Parliament votes for government to declare “state of climate emergency”
Against the “systematic opposition” of ruling PS Socialists, parliament today has approved the bulk of draft resolutions presented by ‘left wingers’ Bloco de Esquerda and animal rights party PAN calling on the government to declare a “state of climate emergency”.
Weeks ago, when his NGO was empowering students in this country to rise up and protest, climate change activist João Camargo said if this happened the country should start by “tearing up laws that favour climate collapse” and start following “a political programme that sets out to create social and natural equilibrium”.
Whether PS Socialists do this can only ‘wait to be seen’. Judging by the party’s declarations following the debate today, it looks like there will be some marked reluctance.
João Marques, speaking for the party kept in power by minority groups that include Bloco de Esquerda, justified the PS insistence on voting against the various texts on the basis that Portugal “is already on the front line” when it comes to international plans to combat climate change, and “does not need to adopt a declaration of state of climatic urgency”.
“Portugal fulfills all international environmental goals”, he told journalists after the voting. “More than words, Portugal is on track to meet the goal of carbon neutrality in 2050” he said, criticising BE’s and PAN’s proposals to bring carbon neutrality goals forwards, on the basis that they were “unrealistic” and “prejudicial” to the country.
But, due to centre-right PSD MPs voting tactically (the PCP and CDS-PP largely abstained, the Greens PEV voted with BE and PAN) almost all the texts were approved.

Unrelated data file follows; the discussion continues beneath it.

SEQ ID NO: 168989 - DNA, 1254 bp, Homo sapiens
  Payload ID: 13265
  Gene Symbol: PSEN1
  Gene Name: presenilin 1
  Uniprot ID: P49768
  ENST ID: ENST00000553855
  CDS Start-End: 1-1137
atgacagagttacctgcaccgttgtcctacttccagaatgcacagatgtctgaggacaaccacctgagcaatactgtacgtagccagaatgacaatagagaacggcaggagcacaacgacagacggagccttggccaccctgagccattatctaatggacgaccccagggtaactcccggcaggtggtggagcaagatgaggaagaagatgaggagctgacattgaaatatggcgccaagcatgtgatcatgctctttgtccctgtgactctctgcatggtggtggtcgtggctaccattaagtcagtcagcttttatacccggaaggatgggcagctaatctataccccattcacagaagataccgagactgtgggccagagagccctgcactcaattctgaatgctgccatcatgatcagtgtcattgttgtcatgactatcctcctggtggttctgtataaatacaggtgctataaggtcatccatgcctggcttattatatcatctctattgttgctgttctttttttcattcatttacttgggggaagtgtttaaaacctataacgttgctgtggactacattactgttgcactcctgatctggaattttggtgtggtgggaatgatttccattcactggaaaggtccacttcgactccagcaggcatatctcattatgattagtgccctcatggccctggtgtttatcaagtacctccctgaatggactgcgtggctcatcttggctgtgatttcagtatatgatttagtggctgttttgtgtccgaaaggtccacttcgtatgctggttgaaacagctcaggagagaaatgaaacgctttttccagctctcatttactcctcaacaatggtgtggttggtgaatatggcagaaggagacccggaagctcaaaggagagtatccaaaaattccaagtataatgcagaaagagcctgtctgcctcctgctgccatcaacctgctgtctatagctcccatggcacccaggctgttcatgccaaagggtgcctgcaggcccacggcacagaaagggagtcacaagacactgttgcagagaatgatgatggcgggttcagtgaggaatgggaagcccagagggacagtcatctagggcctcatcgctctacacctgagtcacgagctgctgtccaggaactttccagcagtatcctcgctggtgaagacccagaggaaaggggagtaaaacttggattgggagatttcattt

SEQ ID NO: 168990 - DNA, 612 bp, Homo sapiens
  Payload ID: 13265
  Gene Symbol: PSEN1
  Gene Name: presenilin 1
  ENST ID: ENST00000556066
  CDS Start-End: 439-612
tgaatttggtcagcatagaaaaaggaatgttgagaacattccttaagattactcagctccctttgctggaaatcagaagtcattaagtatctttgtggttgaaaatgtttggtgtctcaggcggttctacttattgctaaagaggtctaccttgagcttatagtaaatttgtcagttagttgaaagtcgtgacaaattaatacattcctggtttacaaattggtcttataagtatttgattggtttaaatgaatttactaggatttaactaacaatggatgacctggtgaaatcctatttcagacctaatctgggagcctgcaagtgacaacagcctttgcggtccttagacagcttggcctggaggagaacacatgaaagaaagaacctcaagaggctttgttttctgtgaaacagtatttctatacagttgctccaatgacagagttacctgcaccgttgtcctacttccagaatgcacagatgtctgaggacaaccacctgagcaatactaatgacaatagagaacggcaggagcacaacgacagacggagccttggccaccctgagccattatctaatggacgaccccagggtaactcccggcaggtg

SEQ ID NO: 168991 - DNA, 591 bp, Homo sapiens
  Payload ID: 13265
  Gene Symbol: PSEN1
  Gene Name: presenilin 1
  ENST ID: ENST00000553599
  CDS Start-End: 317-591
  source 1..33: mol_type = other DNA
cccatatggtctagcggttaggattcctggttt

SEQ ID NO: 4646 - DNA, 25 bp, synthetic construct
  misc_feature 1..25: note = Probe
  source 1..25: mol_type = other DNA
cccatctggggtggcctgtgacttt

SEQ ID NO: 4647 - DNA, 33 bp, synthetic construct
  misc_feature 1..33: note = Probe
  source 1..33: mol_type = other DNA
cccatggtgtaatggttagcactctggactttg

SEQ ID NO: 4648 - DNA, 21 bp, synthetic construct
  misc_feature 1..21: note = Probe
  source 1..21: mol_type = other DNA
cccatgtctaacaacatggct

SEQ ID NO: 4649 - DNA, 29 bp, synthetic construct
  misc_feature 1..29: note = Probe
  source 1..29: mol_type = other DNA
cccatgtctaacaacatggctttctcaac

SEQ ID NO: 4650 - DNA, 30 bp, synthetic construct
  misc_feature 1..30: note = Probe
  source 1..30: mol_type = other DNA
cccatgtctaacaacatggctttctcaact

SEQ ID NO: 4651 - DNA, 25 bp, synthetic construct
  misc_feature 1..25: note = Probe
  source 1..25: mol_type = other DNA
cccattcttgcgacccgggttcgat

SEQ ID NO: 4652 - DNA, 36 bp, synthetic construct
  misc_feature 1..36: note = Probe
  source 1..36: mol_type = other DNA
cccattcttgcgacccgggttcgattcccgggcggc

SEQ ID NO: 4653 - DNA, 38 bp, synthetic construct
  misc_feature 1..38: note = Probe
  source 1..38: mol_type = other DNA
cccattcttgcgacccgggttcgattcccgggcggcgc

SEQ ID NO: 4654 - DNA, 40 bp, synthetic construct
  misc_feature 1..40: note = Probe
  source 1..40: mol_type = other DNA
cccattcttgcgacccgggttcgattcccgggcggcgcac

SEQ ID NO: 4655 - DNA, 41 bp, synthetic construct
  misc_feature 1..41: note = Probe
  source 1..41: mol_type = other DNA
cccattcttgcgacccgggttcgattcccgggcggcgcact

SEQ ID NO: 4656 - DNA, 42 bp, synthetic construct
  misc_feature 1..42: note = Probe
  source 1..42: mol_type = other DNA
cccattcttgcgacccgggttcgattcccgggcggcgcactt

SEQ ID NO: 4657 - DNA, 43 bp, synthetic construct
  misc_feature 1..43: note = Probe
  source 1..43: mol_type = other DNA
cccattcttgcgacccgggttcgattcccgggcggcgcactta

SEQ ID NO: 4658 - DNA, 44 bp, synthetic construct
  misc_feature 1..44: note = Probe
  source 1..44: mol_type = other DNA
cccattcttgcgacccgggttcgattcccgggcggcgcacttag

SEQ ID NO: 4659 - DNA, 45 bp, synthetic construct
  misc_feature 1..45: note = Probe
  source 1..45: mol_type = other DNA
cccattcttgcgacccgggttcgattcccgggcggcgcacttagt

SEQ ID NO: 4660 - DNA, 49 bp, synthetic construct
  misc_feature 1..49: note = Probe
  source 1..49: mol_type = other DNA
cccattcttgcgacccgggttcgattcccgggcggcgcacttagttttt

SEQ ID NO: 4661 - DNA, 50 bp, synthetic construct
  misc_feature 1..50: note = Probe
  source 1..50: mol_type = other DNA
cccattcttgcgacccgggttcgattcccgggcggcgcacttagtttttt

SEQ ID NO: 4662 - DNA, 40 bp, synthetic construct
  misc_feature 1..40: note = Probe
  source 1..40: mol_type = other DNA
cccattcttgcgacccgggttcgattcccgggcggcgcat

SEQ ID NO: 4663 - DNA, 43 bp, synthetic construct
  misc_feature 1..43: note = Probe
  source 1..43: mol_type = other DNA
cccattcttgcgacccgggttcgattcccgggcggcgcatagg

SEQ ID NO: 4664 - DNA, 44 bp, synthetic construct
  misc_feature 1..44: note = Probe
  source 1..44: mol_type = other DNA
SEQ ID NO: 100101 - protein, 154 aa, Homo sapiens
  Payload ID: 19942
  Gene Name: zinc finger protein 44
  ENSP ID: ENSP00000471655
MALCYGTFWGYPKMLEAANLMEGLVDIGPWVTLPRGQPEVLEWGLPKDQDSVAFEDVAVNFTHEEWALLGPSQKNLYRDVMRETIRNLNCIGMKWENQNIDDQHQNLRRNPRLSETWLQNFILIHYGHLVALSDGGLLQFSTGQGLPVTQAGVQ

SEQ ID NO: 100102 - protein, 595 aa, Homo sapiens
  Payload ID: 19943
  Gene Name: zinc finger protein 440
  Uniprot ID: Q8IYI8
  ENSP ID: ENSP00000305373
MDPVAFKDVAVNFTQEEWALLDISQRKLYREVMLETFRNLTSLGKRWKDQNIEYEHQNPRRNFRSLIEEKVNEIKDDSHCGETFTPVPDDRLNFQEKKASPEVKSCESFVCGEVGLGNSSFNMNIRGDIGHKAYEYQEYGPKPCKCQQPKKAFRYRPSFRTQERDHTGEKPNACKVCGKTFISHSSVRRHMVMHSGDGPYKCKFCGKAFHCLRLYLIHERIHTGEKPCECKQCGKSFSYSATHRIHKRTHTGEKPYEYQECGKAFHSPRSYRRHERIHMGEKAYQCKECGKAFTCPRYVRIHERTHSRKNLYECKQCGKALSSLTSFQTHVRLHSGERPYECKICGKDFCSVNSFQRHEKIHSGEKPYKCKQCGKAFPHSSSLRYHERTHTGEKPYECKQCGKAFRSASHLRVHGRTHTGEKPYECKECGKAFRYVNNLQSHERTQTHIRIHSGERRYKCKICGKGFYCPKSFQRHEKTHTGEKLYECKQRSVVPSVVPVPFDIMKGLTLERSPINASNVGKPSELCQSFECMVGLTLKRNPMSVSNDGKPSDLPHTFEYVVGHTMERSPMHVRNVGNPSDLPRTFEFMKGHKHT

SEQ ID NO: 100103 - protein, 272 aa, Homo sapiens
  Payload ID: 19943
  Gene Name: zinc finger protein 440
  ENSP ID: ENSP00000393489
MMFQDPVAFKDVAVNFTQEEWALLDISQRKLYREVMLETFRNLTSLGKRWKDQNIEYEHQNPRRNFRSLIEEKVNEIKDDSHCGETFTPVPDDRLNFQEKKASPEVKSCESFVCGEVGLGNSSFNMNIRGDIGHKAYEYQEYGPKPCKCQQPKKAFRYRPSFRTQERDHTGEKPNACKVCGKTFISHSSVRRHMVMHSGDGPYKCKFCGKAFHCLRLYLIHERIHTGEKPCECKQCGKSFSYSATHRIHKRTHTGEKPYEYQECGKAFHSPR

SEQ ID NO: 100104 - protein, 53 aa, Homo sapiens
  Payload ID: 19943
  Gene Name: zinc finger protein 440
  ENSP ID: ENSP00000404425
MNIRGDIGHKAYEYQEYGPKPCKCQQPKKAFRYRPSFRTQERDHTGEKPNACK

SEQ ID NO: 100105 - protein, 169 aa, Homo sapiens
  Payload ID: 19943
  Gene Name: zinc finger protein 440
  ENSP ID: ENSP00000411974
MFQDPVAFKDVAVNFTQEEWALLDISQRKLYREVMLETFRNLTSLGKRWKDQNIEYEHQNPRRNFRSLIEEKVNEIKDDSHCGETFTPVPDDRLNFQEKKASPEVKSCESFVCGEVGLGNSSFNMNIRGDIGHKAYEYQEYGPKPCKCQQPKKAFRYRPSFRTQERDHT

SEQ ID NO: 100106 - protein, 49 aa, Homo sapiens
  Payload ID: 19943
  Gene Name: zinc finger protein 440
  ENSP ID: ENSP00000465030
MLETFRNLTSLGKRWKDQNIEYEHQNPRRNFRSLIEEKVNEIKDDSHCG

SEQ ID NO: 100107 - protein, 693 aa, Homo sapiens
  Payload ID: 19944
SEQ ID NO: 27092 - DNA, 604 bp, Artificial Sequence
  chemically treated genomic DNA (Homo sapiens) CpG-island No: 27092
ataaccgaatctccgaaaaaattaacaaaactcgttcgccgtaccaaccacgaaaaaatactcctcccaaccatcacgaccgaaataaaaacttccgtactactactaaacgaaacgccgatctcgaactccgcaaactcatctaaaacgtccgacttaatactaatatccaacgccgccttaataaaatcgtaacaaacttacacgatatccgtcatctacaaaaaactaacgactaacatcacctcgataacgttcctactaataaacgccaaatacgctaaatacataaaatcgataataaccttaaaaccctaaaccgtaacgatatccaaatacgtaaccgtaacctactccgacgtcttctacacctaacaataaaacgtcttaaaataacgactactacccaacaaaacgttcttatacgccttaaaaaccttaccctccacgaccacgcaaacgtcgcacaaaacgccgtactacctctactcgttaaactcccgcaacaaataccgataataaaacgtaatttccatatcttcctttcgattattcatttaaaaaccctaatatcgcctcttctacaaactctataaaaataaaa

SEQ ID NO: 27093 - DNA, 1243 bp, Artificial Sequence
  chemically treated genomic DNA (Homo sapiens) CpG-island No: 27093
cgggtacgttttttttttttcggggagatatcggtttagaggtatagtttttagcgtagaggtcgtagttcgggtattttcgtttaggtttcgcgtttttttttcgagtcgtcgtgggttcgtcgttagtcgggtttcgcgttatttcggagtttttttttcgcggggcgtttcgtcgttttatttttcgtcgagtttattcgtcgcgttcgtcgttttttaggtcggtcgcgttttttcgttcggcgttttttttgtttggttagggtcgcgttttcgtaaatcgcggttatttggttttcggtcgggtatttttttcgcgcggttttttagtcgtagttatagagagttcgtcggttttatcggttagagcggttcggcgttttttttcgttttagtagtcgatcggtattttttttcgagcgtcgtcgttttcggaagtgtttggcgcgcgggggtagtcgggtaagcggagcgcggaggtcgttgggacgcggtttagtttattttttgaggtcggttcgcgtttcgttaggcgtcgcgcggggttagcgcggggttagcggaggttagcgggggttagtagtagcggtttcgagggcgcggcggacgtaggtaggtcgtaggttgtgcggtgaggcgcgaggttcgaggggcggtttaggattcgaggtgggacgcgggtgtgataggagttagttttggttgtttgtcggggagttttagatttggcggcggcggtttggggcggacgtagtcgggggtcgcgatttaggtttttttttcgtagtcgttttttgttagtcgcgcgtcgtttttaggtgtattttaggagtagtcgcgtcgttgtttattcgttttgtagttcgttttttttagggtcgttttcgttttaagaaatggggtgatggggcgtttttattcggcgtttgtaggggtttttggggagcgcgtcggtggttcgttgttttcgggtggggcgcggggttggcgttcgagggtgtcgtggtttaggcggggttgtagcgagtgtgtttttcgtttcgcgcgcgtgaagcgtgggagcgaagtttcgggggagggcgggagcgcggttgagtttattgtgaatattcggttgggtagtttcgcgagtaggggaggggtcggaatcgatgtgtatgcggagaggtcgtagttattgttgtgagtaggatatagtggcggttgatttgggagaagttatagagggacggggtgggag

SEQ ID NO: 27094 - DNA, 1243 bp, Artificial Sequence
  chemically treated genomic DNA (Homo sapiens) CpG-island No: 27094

Says Lusa – which described the PS voting as “systematic opposition” – the only PAN draft resolution that failed to get passed was one in which the rapidly emerging party called on the reduction of CO2 emissions from the current 6.5 tons per person per year to less than two tons per year “as quickly as possible”.
All the rest of PAN’s recommendations were approved, calling on the State to create policies to “change behaviours” and to “approve legislation and make use of fiscal policies to create infrastructures, among other measures”.
Said PAN’s text, presented by its one MP in parliament André Silva, “public administration has the duty to limit the impacts of global warming and must comply with the objective of reaching carbon neutrality as quickly as possible”.
BE’s texts also saw only one clause fail in which the party called for carbon neutrality by 2030 and the closure of coal-powered electrical plants by 2023.
The rest, including the call for the government to “make a commitment to the maximum protection of people, economies, species and ecosystems, and the restoration of conditions of security and justice”, was approved – much to the clear irritation of PS Socialists approaching legislative elections where they may well still have to rely on their current minority party support.